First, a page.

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Seven steps to water wise gardening

Though the first half of July was determinedly unlike summer, saving water is a keystone to responsible gardening no matter the weather.

"We have a role to play in preserving our natural resources," said Amy Jo Detweiler, a horticulturist with Oregon State University Extension Service. "A water-wise garden is one of the ways to do that regardless of the amount of rainfall where you live."

For instance, in the high desert around Bend where she lives, rainfall during the growing season from May through September is only 5-7 inches. Except for natives, most plants won't survive without supplemental water. On the Willamette Valley floor, rainfall averages 5 inches from June through September. In both areas, planning for a low-water garden makes sense, she said.

In her publication An Introduction to Xerascaping in the High Desert, Detweiler lays out seven clear steps to developing a water-wise garden.

"The most important thing you have to consider is to give all these steps thoughtful consideration," she said. "It's not good enough to do a little here and there. Go through the steps from planning to plant selection and bring them into the landscape."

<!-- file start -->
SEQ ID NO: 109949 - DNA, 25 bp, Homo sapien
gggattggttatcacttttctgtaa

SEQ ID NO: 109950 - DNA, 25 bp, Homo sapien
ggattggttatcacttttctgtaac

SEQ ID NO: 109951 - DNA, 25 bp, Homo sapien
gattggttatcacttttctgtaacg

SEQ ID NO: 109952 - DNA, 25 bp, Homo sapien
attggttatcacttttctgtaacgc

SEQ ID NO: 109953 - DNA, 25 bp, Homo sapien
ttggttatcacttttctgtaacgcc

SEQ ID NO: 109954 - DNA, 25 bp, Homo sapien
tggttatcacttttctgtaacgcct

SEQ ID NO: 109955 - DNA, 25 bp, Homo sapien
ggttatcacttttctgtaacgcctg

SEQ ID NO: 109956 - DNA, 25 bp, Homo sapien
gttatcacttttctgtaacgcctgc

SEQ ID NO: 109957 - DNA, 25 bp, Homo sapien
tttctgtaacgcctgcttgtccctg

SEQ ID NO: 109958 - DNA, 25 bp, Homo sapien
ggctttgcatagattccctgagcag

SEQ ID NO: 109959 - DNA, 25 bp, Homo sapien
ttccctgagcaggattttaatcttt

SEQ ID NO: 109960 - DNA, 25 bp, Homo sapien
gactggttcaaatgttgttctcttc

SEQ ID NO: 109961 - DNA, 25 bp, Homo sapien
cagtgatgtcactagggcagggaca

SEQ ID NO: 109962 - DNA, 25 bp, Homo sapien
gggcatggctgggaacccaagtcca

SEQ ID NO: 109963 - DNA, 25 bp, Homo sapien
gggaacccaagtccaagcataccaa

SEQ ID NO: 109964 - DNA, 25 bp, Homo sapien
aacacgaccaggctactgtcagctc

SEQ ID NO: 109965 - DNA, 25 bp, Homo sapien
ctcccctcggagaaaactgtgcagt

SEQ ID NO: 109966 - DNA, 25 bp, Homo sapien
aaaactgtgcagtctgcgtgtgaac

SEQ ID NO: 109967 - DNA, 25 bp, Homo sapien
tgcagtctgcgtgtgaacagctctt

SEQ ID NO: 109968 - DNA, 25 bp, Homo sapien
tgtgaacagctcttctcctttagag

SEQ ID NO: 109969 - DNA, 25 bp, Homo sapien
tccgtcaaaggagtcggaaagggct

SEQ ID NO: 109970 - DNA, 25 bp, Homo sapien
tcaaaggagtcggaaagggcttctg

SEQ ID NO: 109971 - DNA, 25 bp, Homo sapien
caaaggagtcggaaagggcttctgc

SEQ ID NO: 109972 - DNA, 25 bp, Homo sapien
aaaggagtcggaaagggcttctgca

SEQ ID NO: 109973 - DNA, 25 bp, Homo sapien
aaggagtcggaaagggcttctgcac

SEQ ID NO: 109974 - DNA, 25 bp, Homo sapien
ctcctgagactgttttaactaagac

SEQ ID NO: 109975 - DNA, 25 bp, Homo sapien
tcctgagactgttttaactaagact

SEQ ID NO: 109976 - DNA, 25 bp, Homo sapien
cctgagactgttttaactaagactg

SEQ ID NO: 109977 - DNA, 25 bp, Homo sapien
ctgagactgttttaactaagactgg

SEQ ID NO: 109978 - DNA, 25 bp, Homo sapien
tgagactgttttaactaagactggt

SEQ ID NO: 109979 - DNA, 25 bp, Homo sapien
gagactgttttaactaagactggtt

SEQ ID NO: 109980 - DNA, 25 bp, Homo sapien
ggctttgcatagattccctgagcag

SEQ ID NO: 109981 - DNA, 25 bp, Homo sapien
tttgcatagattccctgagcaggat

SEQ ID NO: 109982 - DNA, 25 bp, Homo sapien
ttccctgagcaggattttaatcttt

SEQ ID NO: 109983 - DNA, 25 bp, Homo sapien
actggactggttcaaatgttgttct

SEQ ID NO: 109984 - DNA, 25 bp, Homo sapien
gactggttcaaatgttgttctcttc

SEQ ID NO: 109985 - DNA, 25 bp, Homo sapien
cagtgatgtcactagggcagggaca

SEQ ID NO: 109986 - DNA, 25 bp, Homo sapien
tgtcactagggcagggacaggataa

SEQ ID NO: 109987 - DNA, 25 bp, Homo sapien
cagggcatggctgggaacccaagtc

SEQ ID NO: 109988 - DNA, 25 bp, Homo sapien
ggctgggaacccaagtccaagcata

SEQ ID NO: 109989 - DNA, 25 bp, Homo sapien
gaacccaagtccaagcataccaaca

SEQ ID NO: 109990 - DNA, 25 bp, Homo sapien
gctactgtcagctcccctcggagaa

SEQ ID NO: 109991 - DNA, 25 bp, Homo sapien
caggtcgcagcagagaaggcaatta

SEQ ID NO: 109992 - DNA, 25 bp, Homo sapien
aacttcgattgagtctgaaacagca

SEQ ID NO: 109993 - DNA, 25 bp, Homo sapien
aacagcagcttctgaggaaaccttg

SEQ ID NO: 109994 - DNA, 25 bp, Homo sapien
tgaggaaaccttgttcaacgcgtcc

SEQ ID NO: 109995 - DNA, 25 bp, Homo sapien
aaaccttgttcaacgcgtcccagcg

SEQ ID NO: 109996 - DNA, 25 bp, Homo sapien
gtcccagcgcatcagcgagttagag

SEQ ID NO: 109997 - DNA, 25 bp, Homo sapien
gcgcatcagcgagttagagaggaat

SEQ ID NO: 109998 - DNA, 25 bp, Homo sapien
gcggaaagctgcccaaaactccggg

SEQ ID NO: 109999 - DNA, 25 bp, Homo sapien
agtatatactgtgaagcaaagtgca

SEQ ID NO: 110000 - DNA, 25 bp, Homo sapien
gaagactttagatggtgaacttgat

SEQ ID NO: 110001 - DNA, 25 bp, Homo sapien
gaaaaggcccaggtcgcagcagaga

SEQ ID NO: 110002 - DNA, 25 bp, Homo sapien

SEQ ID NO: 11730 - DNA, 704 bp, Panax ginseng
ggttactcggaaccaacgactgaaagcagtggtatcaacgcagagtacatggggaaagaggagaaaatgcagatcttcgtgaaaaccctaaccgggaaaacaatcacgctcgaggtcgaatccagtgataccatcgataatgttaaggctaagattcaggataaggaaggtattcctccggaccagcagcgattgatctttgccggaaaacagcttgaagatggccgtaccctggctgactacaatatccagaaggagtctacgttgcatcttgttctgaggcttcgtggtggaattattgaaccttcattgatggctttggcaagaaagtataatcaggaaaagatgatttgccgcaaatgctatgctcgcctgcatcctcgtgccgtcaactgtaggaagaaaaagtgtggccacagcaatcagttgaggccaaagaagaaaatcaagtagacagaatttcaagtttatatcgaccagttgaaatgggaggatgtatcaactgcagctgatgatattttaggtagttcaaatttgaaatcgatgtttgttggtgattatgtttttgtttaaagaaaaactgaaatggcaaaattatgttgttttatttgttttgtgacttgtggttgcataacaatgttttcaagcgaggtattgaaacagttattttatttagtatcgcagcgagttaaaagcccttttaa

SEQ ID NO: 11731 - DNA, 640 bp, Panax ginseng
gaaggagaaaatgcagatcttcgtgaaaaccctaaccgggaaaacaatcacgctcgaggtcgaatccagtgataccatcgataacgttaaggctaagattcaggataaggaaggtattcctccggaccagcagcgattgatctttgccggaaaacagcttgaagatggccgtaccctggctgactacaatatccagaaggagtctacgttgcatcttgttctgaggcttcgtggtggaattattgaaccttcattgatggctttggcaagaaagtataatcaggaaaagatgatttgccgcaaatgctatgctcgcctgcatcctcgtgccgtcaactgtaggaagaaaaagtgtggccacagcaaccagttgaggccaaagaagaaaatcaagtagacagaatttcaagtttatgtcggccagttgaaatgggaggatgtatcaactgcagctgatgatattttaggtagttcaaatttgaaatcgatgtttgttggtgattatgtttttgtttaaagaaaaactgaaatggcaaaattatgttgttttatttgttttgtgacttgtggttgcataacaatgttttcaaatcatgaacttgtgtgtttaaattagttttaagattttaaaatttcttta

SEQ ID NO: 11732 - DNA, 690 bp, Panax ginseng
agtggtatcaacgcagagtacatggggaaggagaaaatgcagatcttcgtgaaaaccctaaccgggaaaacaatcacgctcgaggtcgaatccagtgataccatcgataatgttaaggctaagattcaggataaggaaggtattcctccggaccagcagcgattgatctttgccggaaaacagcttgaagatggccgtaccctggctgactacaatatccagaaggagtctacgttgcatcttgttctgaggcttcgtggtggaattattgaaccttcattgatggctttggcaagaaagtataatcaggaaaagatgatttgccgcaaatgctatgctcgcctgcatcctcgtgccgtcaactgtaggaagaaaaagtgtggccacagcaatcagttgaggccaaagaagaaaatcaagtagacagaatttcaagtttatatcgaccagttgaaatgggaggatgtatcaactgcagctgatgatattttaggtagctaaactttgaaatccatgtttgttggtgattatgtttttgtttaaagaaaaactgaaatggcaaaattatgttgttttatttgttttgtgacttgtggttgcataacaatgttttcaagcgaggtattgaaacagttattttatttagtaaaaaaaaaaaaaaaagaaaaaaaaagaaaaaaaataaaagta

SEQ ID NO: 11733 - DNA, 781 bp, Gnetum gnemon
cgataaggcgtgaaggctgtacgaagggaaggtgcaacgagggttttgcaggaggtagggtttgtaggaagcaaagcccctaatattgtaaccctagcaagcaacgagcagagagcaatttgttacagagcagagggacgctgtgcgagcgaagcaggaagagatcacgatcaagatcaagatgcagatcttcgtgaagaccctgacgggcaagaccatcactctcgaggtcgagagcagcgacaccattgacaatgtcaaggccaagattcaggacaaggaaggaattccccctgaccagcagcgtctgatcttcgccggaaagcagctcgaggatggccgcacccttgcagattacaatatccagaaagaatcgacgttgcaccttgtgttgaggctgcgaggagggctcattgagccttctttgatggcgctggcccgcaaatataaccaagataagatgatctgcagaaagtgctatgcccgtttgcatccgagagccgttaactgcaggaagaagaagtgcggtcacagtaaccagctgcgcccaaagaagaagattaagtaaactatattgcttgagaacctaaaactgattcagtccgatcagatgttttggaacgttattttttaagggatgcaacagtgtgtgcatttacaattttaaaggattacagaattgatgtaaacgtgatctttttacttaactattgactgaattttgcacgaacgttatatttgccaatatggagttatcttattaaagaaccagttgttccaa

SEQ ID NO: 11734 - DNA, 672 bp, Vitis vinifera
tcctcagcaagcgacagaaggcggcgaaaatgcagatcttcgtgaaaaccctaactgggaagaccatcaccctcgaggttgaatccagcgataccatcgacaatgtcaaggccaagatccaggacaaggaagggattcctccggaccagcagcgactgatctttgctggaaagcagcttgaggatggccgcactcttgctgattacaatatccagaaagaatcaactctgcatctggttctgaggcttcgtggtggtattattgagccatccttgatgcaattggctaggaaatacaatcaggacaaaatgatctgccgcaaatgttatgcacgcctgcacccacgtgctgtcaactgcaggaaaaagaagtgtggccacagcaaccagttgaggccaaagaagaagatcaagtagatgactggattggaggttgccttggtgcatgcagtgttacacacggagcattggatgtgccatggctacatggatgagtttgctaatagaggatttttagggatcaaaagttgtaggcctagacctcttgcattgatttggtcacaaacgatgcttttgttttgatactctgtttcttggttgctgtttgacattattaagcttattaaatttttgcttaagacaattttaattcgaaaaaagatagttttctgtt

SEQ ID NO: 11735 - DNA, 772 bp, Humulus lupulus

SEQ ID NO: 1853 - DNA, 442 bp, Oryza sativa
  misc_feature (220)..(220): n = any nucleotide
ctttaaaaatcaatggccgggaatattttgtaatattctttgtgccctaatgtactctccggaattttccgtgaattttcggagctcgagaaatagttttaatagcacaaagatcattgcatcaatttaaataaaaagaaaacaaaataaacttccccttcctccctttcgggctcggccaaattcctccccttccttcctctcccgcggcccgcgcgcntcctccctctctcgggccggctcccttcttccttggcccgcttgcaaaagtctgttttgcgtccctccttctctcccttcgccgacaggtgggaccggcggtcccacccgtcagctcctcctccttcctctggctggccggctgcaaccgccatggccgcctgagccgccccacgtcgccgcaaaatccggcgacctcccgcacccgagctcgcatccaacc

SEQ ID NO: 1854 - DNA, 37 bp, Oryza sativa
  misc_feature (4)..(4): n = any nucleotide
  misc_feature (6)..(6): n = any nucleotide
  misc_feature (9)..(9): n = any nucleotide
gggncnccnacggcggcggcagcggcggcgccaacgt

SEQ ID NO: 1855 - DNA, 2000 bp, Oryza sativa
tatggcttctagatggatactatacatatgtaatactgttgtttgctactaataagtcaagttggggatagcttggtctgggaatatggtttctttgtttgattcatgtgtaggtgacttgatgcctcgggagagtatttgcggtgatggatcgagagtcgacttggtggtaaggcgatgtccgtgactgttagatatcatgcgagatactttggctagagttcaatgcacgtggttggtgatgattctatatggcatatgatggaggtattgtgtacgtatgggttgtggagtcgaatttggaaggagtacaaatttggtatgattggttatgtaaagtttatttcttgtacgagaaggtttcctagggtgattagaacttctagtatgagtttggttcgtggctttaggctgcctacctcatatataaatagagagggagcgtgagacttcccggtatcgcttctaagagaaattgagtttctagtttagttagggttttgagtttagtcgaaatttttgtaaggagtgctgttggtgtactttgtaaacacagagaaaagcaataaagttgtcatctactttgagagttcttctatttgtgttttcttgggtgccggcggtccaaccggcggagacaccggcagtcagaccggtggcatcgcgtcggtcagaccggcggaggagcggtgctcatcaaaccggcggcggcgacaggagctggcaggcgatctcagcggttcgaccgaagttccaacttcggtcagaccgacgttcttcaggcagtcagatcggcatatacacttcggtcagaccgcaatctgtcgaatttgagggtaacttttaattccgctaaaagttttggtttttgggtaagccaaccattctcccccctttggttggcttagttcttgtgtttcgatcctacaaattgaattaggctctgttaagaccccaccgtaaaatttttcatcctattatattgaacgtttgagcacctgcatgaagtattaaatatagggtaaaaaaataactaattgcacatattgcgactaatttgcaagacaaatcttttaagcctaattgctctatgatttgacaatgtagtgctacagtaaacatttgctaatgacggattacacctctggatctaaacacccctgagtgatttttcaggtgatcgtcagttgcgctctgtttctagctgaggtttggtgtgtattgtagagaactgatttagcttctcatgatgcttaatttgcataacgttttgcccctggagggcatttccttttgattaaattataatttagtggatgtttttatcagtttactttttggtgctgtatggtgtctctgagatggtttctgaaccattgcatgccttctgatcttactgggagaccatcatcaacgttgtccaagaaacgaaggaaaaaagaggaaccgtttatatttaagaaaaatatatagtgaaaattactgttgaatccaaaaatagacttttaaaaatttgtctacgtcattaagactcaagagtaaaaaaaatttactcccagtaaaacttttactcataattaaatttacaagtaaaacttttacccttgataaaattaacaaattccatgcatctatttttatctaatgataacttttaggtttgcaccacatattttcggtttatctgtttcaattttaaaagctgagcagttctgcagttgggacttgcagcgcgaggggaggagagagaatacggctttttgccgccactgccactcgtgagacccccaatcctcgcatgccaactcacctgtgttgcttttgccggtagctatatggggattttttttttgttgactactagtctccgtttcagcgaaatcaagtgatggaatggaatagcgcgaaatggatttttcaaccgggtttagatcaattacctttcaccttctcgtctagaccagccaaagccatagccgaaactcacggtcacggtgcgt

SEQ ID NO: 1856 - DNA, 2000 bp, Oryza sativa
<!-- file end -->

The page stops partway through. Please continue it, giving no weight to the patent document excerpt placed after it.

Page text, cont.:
Other Extension offerings to help with low-water gardening include the publication Conserving Water in the Garden and infographics Keys to Water-Efficient Landscapes, It Pays to Water Wisely, and Landscape Maintenance to Conserve Water.

Amy Detweiler's 7 steps to a water-wise garden

* Planning and design: Before starting or changing your garden, watch the sun and shade exposure throughout the day, check soil drainage in various parts of the yard, and determine if there are soggy or especially dry areas. In soggy areas, plan for a possible rain garden or bioswale.

* Use rain barrels or underground cisterns to capture whatever rainfall your climate provides to use in the garden during dry times. Extension's publication Harvesting Rainwater for Use in the Garden can help with that.

* Don't leave hardscape out of the equation. Reduce wasted runoff water by using permeable materials, leaving space between flagstones in pathways or patios, and reducing areas with hard surfaces.

* Go through books and magazines and visit gardens to get an idea of what type of garden you'd like and be realistic about how much time and effort you want to put into a garden. Consider all of those elements when designing.

* Irrigation: Decide if you want or can afford an automatic system or will manually move hose-end sprinklers. Either way can be efficient but must be used appropriately. Know your plants' needs and don't deliver too much or too little water; irrigate deeply and infrequently to encourage deep roots (see "soil" below). If you're watering manually, setting a timer can help you remember when to change the sprinkler or turn it off.